What is the game’s storyline?
In the game, you play as Yasna, who has just woken up on Regis III after some kind of incident. Yasna and her crew had been surveying the planet, and although their scans had not brought up anything unusual, they knew that the planet must have been harboring something of interest, because of the fact that the flagship of a rival faction was on its way there, and it would not be heading there for nothing. Although not embroiled in a physical war, a Cold-War-esque “space race” between the two factions is presently underway. After waking up, Yasna gets to work searching Regis III for clues as to what might have happened to her crew, who have all died mysteriously following contact with… something. Yasna knows she is a scientist, and she knows she came here with a crew that has since gone missing. However, many of Yasna’s memories are foggy. A voice on the other end of an earpiece, that of her ship’s “astrogator,” helps Yasna along her journey.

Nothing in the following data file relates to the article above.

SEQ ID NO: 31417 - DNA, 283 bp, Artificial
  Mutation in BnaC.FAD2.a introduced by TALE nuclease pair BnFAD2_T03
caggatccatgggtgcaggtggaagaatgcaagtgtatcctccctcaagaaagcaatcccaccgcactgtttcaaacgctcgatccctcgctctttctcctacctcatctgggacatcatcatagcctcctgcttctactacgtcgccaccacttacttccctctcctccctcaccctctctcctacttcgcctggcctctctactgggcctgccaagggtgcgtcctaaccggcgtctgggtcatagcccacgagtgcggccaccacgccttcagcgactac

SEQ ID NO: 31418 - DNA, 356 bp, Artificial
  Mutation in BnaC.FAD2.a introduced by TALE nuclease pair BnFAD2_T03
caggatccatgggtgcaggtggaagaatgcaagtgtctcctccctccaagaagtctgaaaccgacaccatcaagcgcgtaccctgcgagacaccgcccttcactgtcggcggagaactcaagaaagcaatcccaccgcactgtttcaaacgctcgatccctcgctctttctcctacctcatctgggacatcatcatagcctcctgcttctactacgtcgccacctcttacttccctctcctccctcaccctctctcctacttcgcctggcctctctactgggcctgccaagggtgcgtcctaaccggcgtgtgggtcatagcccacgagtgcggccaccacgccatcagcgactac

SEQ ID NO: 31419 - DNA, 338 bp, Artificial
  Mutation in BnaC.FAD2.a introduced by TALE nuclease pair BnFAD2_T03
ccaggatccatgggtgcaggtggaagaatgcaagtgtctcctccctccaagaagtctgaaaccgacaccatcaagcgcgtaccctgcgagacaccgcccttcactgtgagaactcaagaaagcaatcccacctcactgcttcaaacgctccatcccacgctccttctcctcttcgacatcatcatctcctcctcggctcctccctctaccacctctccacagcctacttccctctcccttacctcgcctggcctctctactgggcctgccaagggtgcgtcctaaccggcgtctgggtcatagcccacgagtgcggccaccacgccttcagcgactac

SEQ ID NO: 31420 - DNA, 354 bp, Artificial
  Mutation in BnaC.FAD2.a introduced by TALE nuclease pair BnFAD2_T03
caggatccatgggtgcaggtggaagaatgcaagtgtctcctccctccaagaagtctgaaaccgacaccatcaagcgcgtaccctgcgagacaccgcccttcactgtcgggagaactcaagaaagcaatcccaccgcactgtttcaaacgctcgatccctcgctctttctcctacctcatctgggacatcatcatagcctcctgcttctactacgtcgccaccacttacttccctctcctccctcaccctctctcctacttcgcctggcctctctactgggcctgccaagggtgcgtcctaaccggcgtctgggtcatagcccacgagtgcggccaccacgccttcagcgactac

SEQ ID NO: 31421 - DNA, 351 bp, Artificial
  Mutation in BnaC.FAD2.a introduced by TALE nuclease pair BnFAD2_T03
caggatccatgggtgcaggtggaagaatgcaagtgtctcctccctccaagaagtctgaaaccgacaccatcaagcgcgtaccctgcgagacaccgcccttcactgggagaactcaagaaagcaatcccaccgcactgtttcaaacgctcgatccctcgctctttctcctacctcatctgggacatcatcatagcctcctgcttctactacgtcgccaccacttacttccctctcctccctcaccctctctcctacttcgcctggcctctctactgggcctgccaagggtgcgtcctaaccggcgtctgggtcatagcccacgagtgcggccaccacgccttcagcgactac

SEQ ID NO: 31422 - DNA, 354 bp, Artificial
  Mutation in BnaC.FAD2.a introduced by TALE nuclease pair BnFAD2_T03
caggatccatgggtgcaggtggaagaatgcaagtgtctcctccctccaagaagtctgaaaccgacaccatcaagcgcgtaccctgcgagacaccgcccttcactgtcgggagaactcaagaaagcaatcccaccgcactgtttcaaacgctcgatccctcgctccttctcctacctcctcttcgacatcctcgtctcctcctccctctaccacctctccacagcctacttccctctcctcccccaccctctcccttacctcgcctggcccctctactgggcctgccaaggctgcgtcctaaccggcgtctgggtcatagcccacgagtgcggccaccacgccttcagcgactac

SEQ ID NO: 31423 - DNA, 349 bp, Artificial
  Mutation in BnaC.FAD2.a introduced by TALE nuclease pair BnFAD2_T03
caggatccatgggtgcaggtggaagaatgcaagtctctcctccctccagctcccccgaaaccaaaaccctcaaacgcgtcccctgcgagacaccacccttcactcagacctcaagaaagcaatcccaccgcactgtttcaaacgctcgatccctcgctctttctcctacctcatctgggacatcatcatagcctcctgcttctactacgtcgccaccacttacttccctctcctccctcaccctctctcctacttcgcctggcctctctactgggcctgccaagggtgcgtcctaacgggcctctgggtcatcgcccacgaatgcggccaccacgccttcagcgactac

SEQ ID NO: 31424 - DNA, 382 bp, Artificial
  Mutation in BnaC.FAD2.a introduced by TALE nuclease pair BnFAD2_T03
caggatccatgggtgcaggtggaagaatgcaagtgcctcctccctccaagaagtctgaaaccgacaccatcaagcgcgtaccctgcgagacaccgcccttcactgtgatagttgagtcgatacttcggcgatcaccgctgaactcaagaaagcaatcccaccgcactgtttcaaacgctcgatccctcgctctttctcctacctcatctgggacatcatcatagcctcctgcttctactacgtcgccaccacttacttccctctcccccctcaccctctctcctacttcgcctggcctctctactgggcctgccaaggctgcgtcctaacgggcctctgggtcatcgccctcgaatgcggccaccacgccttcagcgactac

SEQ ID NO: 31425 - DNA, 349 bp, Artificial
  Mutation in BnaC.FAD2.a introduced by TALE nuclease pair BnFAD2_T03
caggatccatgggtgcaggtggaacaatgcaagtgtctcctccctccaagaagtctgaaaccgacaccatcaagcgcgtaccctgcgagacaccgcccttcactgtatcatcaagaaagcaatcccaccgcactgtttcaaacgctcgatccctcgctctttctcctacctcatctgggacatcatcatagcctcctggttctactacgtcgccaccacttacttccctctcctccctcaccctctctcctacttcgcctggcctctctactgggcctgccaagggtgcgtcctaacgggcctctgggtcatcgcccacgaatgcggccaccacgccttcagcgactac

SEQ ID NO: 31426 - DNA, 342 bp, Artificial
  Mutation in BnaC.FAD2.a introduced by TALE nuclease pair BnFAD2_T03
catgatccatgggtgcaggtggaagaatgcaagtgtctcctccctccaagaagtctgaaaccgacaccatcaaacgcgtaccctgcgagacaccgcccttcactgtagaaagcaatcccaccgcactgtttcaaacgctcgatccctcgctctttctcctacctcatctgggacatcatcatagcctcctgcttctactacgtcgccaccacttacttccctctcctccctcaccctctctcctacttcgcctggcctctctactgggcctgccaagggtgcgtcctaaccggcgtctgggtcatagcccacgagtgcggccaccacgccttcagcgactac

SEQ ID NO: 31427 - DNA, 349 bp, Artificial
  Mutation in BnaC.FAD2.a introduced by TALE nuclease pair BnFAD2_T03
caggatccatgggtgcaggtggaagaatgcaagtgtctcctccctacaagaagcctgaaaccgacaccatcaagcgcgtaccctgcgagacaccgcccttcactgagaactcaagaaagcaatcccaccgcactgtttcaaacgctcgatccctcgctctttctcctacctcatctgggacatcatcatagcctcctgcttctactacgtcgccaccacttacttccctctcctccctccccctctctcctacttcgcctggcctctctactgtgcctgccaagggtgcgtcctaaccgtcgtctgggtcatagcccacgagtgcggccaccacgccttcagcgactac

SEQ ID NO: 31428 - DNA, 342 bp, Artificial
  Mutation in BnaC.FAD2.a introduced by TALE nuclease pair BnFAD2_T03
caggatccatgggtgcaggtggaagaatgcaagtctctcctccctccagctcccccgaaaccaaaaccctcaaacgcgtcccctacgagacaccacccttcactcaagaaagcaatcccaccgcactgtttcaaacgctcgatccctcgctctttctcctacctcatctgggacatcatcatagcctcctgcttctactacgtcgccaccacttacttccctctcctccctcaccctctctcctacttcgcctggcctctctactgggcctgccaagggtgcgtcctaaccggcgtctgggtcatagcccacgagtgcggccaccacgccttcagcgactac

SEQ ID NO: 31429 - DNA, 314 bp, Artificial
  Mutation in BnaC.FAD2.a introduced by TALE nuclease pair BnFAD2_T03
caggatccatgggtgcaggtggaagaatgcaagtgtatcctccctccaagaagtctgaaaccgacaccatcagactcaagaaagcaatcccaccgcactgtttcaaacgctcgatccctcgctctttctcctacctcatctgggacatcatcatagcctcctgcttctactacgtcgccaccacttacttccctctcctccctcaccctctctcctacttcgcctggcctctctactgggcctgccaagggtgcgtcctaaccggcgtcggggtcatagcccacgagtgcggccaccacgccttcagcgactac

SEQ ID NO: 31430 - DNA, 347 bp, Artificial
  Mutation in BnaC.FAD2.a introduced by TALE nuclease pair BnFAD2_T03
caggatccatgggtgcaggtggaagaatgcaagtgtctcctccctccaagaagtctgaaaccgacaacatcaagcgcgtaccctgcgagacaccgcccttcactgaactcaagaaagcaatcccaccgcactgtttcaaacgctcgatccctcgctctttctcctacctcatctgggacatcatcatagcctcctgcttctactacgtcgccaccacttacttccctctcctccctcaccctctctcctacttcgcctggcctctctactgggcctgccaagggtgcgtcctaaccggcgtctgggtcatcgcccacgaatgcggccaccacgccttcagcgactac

The playable demo offers what appears to be an early chapter of the game, with Yasna investigating a rocky valley strewn with abandoned vehicles, wrecked automatons, and the corpses of her fellow astronauts. Yasna collects various pieces of equipment and uses these to locate the members of her crew one-by-one so that she can bring them to a small landing pod. The game features a choice-based system in which Yasna’s decisions and actions directly affect the story’s nonlinear progression. These choices ultimately determine how the story will play out and which of the 11 possible endings players will see.